U.S. Asks New York Landlords for Vacant Apartments Amidst Post-Sandy Housing Crisis.

City Officials are looking for vacant housing to help displaced families.In the aftermath of Hurricane Sandy housing is becoming scarcer. And with cold weather on the way, city, state, and federal officials are trying to assemble a pool of vacant houses to supplement New York City's shelter system. While many people have been clinging to their apartments despite not having heat or hot water, officials are worried that another wave of people, numbering in the hundreds if not the thousands, will seek shelter as temperatures fall. “We feel a real imperative to have something in place when the second surge comes,” said Matthew M. Wambua, the city’s housing commissioner. With the electrical outages and the encroaching winter season, many people are left wondering where, and how, they are going to stay warm.

Looking for Good Rentals in Manhattan? Try Harlem and Inwood

If you are looking for a new apartment in Manhattan, chances are that you are going to be looking for homes in neighborhoods like the Upper West Side or Greenwich Village. After all, these are the neighborhoods that are enjoying a lot of buzz, thanks to both the quality of the homes in the area, as well as the livability of the area itself. Having said that, the apartments here won’t come cheap, since rents, after all, are so closely correlated with the reputation of the neighborhood. But there are exceptions to the rule—there are some Manhattan neighborhoods that are currently on the upswing, and the rents there haven’t shot through the roof—yet.

Is the High Cost of Housing Stunting New York’s Economic Growth?

High cost of housing may be slowing New York's economic growth.Although affordable housing was high on Mayor Bloomberg’s list of initiatives, housing costs continue to rise, due perhaps to the market subtracting units faster than Bloomberg can put them up. This has led to a spike in the percentage of income that New Yorker’s are spending on rent. According to a new Harvard paper, the high cost of housing is directly linked to the slowdown of economic growth. This is a problem that is compounded by New York’s high unemployment rate compared with the rest of the country. This seems to occur because New York hires people from out of state and few middle class residents see the benefits.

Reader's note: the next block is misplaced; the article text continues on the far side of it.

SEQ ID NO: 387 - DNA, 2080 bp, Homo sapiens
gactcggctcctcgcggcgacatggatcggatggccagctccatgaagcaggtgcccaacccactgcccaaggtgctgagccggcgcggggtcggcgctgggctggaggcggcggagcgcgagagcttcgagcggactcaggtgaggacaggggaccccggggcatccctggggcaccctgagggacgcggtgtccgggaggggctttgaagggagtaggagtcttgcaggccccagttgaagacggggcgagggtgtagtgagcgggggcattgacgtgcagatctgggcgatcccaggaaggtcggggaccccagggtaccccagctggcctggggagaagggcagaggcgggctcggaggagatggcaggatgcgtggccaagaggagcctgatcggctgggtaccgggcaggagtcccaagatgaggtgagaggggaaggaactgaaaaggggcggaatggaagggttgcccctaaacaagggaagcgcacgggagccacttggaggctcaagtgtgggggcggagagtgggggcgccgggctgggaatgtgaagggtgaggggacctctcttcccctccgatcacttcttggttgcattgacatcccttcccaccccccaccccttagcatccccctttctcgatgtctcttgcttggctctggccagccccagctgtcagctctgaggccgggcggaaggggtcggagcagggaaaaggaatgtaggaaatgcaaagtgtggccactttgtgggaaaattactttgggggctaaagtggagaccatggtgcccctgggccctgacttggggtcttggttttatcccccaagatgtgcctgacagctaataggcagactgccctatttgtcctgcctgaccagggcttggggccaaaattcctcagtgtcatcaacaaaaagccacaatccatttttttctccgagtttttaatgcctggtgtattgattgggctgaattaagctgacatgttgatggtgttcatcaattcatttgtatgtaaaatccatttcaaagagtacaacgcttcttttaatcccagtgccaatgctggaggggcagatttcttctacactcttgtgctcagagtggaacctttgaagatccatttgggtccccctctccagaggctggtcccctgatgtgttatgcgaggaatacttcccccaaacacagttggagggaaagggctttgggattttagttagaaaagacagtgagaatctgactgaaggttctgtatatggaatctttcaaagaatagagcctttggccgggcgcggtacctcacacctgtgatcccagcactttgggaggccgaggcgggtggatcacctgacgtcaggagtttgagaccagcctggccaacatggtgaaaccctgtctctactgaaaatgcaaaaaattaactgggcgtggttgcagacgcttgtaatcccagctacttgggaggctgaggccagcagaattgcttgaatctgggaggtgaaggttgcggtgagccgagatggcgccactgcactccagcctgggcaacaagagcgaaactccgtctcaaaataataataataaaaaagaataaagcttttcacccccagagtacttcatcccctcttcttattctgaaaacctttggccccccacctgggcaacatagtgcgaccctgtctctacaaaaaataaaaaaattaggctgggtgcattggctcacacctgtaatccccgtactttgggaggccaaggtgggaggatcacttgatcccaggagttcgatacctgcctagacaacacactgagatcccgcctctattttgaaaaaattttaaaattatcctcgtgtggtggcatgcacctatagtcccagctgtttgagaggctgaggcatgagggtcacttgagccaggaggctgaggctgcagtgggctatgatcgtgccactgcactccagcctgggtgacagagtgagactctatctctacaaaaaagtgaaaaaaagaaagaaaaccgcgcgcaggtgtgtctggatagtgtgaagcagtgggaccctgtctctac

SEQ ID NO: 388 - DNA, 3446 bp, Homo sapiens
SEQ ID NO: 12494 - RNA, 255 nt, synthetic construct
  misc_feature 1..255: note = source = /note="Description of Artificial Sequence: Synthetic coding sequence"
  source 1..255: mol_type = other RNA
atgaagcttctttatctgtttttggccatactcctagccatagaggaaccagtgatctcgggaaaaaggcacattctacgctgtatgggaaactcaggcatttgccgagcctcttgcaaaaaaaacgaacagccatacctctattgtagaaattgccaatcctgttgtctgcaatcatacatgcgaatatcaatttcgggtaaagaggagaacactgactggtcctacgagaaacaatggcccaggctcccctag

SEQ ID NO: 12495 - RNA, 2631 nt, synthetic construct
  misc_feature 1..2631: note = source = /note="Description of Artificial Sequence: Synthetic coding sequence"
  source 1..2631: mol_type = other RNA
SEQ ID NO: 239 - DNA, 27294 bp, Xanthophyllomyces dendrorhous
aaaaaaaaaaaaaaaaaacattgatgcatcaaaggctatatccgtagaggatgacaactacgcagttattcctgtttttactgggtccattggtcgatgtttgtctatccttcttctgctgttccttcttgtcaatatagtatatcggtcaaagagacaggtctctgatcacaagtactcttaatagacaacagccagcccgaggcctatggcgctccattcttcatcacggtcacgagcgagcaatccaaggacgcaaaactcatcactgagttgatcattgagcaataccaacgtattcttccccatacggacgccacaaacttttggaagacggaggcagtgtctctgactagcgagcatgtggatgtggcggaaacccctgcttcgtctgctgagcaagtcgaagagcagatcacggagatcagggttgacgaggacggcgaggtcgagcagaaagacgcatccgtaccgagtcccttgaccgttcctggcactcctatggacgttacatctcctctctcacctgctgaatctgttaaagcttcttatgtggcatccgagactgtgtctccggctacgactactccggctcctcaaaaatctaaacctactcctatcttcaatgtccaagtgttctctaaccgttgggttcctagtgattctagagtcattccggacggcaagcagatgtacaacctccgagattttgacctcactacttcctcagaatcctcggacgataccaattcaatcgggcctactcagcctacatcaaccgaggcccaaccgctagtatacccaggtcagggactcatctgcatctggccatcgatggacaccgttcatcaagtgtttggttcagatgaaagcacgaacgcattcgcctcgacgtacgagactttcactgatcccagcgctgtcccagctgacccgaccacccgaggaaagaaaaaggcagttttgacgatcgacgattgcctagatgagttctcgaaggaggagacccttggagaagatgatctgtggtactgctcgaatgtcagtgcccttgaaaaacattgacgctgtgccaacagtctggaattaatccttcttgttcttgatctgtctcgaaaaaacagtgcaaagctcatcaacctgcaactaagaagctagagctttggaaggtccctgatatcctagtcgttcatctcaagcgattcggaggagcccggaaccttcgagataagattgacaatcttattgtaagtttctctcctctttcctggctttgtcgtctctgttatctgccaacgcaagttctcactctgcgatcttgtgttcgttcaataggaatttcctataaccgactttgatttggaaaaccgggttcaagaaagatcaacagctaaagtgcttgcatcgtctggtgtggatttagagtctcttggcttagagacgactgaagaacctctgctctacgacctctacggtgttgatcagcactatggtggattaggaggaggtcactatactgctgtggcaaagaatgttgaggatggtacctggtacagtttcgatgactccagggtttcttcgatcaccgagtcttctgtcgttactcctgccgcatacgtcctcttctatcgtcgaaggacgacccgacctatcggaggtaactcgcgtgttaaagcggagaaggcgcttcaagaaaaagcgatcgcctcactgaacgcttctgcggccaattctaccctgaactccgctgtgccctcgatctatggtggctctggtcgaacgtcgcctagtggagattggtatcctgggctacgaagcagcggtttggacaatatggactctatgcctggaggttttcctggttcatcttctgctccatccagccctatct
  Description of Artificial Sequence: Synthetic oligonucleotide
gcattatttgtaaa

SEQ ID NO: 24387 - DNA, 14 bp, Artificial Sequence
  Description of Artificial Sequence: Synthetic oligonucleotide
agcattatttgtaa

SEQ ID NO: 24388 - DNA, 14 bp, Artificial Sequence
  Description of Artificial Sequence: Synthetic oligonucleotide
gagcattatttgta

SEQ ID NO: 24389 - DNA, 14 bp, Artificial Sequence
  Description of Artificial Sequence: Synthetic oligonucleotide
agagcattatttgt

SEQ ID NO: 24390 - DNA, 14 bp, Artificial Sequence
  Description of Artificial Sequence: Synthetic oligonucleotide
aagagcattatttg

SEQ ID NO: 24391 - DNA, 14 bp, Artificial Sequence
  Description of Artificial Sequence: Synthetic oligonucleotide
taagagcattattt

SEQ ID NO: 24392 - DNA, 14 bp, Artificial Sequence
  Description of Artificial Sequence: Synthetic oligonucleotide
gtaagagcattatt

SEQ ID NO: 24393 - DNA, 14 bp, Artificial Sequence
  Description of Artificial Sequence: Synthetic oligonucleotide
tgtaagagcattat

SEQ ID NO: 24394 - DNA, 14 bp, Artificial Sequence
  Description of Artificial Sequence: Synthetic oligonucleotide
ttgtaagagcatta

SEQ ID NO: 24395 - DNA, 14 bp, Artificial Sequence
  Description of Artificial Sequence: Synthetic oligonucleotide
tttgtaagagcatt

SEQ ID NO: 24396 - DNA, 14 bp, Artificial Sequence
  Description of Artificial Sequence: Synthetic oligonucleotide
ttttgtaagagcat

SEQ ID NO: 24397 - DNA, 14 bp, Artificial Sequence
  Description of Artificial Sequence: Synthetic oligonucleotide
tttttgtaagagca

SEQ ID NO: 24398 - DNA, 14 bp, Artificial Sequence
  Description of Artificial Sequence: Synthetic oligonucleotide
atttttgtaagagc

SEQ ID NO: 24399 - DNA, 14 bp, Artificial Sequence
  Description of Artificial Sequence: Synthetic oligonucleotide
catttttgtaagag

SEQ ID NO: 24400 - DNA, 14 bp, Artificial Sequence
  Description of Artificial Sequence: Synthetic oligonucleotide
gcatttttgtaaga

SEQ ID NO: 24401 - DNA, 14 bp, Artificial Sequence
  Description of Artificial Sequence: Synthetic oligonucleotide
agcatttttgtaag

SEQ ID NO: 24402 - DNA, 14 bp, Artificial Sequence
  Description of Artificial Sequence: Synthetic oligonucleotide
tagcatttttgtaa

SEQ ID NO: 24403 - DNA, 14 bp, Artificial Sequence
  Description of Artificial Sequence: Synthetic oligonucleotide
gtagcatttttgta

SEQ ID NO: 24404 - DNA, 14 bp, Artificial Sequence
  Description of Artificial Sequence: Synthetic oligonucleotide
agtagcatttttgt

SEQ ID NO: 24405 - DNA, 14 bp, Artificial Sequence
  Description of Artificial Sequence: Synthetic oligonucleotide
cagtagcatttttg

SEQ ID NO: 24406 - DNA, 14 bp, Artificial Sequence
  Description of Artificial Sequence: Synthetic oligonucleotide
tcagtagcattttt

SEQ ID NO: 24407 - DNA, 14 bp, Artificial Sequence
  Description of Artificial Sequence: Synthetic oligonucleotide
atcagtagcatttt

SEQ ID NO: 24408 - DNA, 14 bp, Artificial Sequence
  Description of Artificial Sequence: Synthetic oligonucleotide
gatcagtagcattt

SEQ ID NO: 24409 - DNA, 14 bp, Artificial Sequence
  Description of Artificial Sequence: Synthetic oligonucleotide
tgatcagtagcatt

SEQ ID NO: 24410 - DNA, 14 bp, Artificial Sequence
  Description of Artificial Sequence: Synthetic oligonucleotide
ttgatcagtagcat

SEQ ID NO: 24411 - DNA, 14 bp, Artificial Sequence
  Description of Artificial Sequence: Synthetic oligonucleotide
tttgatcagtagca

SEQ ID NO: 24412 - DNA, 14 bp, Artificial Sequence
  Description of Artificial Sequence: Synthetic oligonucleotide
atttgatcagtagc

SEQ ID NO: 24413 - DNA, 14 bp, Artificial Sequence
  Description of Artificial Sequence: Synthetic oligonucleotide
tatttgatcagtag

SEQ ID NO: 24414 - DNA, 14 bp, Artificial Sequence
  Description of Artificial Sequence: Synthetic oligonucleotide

High Rents Squeezing Middle-Class Families in New York

New Yorkers looking for lower rents are finding little relief in the current marketCity Comptroller John Liu released a report last Wednesday stating that rising rents are increasingly putting pressure on middle-class families. The new report showed that half of all city households typically spend more than 30% of their income on rent alone, compared to 26% nationally. Rent becomes officially unaffordable when it goes over 30%, according to federal benchmarks. Middle-income apartment renters, defined as people earning between $35,000 and $75,000 annually, face the most pressure in Manhattan, where 45% pay rent that falls into the officially unaffordable bracket. This high rent is unfortunately not unique to Manhattan apartments however. Rents have also been creeping up in Staten Island and Queens, where 44% of the middle-class residents are shouldering unaffordable housing costs.

NYC: Rents Rise, Expenses Rise, But Incomes Stay Stagnant

New York City has always been known as a very expensive place to live in. Be it a wholesome meal or even just a ride on the subway, it is a common feeling among New Yorkers that they are paying more “for everything” than their counterparts in other cities around the country. This rift is best seen in the living expenses faced by residents of New York City, and now there’s proof. “Rents Through The Roof,” a new report released by the City Controller John Liu has revealed that almost 30% of New Yorkers use up more than half their income to just pay rent.